Driver fatigue is a common cause of many trucking accidents in the state of Virginia and can be just as dangerous as driving while intoxicated. While most drowsy driving accidents occur between the early morning hours of 12 a.m. and 6 a.m. or in the late afternoon, they can occur at any time on both rural roads and highways.
Truck drivers often spend many continuous hours on the roadways, making it easier for them to fall asleep behind the wheel. The Large Truck Crash Causation Study (LTCCS), 13 percent of truck drivers reported they were fatigued at the time of their truck accident.
FMSCA regulations implemented to reduce driver fatigue
According to Sec. 6.3.1 of the Motor Carrier Safety Planner, an online guide to Federal Motor Carrier Safety Administration regulations, truck drivers are not permitted to operate a commercial motor vehicle (CMV) if they are ‘too tired or too sick to drive safely.’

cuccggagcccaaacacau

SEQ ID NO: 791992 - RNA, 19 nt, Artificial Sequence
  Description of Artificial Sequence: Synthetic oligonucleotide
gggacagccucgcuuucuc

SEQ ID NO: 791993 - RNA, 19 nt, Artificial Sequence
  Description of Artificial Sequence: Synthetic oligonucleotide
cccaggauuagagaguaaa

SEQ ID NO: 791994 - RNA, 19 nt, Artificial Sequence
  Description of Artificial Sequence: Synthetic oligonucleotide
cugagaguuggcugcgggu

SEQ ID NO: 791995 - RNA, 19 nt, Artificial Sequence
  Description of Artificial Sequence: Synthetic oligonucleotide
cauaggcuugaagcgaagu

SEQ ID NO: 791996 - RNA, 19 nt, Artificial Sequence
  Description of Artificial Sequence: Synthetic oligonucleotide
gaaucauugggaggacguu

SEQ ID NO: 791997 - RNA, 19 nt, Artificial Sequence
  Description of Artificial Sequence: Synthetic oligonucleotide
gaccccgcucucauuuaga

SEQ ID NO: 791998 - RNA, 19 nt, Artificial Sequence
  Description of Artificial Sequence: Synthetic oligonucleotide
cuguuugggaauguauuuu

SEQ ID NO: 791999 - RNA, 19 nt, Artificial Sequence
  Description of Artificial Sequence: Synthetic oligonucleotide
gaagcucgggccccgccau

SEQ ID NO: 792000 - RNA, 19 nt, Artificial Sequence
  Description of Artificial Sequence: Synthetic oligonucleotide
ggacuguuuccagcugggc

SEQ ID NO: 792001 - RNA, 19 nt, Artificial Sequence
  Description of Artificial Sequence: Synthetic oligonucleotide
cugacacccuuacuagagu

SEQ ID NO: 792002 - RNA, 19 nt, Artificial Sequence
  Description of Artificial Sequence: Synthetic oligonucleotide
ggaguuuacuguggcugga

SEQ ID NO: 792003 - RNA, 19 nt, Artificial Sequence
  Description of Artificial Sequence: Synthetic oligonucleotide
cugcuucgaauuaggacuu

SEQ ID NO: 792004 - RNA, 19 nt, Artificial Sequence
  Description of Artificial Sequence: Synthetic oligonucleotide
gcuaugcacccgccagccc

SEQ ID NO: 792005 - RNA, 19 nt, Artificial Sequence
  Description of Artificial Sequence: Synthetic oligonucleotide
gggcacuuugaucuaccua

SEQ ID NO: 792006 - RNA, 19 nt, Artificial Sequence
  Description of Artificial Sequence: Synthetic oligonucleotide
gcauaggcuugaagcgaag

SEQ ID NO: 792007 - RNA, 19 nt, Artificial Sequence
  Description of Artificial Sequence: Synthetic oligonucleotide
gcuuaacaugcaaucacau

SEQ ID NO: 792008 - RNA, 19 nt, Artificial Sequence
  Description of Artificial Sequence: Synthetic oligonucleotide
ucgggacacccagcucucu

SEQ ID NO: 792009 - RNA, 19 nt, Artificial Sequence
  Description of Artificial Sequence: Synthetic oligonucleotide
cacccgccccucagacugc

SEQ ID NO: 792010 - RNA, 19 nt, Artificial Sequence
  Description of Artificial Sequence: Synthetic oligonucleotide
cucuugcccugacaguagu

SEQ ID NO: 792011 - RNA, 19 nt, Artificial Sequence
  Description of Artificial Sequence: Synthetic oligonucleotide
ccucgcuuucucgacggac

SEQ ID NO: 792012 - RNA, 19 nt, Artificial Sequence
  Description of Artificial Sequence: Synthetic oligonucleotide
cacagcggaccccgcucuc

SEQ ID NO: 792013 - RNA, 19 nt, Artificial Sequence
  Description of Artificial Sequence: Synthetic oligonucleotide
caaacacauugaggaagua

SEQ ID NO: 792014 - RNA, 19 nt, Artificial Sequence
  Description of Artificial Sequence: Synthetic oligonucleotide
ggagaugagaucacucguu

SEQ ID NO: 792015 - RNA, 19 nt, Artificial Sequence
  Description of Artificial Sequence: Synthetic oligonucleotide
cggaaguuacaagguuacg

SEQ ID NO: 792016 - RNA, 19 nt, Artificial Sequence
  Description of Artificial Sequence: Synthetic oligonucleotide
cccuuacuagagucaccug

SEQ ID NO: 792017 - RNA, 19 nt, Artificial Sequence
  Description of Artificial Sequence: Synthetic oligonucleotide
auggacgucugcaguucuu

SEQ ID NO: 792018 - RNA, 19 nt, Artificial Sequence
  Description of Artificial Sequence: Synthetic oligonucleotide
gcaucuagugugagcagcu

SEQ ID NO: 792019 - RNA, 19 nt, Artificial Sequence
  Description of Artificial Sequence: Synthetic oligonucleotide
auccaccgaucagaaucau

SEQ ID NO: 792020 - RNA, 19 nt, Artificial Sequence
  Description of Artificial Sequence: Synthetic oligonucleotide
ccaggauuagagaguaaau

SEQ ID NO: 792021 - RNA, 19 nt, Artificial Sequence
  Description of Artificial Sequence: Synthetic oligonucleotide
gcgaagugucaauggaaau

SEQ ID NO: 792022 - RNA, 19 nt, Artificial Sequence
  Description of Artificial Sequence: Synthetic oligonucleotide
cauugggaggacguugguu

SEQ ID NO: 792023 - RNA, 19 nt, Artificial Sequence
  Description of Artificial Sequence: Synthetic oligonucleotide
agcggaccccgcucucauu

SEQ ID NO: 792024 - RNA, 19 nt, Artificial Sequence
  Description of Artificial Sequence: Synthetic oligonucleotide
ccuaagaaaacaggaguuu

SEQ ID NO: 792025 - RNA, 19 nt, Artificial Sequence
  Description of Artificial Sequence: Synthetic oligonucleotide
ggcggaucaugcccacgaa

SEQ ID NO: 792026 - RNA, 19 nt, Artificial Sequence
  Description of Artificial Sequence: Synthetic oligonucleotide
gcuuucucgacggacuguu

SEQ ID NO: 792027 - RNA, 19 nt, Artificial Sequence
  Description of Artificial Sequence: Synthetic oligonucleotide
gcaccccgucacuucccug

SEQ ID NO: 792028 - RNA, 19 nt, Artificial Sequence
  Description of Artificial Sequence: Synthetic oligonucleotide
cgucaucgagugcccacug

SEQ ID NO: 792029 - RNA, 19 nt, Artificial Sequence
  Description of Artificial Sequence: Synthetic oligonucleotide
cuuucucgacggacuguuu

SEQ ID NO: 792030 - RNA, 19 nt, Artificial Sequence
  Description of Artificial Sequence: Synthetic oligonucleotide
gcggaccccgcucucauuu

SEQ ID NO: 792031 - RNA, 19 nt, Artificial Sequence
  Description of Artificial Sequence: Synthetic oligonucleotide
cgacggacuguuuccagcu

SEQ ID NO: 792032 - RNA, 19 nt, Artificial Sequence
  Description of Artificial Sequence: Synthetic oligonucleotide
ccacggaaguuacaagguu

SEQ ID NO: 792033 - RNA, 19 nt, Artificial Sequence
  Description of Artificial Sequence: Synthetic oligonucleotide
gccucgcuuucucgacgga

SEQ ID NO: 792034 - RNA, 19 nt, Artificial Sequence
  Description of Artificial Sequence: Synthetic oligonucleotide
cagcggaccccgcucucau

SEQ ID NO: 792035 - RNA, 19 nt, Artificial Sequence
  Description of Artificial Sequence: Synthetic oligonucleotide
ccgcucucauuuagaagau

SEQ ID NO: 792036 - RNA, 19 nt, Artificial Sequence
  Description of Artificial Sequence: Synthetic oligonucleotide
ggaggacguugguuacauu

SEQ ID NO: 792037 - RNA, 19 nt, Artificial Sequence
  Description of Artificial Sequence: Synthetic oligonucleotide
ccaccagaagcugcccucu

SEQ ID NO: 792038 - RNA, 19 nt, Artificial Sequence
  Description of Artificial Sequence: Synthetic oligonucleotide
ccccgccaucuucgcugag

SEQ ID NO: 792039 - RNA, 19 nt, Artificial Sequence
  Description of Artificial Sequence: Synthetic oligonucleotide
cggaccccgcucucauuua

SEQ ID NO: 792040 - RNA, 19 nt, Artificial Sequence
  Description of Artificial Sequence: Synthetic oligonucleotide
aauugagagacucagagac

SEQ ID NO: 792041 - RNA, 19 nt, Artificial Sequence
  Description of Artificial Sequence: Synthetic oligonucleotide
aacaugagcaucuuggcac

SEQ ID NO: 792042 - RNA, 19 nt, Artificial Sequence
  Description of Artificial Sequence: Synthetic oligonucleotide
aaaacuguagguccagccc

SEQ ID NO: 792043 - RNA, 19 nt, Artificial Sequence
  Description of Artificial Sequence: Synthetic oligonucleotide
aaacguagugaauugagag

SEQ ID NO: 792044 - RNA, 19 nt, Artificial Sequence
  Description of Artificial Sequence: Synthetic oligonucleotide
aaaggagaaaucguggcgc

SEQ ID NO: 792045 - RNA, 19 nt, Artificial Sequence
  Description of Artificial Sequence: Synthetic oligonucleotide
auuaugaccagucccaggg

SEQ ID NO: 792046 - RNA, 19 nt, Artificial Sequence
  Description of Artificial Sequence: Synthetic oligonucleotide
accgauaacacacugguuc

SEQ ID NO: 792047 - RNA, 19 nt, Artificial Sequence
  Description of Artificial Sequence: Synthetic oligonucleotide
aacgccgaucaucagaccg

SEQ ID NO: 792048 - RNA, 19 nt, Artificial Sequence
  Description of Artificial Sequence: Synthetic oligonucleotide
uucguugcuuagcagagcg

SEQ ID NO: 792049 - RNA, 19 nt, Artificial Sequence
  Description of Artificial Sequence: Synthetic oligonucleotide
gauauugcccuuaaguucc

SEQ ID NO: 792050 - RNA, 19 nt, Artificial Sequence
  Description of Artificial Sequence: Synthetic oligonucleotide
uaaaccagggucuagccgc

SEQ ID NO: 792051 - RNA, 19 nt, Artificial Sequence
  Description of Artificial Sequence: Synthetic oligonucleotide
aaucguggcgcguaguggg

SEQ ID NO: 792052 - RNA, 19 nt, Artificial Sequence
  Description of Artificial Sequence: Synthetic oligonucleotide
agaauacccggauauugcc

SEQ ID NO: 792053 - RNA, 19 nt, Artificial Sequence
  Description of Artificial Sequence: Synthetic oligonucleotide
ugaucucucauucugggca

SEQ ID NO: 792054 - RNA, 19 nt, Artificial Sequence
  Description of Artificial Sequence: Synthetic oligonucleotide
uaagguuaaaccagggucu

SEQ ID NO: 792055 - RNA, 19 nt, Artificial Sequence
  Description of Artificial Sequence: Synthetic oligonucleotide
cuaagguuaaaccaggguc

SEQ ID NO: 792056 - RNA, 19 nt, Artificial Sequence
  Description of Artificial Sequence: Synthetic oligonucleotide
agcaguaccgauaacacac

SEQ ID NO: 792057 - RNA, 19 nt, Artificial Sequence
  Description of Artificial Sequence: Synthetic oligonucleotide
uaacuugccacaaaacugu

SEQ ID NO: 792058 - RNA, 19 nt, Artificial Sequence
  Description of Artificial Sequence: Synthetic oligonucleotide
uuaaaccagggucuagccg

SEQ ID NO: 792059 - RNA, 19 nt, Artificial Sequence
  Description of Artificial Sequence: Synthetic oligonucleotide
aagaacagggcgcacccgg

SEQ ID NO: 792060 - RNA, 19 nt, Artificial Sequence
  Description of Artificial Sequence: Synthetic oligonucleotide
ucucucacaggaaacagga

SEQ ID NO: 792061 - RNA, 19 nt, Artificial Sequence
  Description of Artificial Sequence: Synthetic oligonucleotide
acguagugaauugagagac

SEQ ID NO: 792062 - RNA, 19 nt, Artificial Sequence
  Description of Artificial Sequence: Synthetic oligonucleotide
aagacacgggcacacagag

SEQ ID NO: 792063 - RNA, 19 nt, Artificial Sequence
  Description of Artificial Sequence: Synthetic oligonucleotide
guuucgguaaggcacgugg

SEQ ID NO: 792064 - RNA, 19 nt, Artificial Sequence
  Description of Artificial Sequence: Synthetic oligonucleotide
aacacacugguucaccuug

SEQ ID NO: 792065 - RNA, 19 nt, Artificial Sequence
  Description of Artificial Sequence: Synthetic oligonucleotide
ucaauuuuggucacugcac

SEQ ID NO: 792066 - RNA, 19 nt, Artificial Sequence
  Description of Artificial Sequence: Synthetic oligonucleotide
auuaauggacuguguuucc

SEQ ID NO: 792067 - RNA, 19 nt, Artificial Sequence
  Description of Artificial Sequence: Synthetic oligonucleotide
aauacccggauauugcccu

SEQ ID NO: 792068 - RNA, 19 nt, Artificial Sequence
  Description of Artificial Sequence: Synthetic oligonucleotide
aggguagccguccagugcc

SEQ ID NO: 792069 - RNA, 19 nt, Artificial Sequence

Additionally, the FMCSA has hours-of-service regulations in place to limit the number of continuous hours and hours per week that a driver can operate his or her CMV. These regulations will vary depending on whether the truck is carrying cargo/property or passengers. Some of the regulations for property-carrying drivers include:
- 14-hour rule: A maximum of 14 consecutive hours after coming on duty. Driver must be off duty for 10 consecutive hours before resuming driving.
- 11-hour rule: A maximum of 11 hours of driving after 10 straight hours off duty within a 14-hour period.
- Break rule: A break of 30 consecutive minutes is required after driving for eight consecutive hours.
Drowsy driving and failure to follow FMSCA trucking regulations are both forms of truck driver negligence. Truck drivers who engage in negligent activity behind the wheel and their employers can be held financially liable for the injuries and damages caused by their actions. If you have been involved in a truck accident, a personal injury attorney can help you bring a claim against the truck driver and other negligent parties responsible for your accident.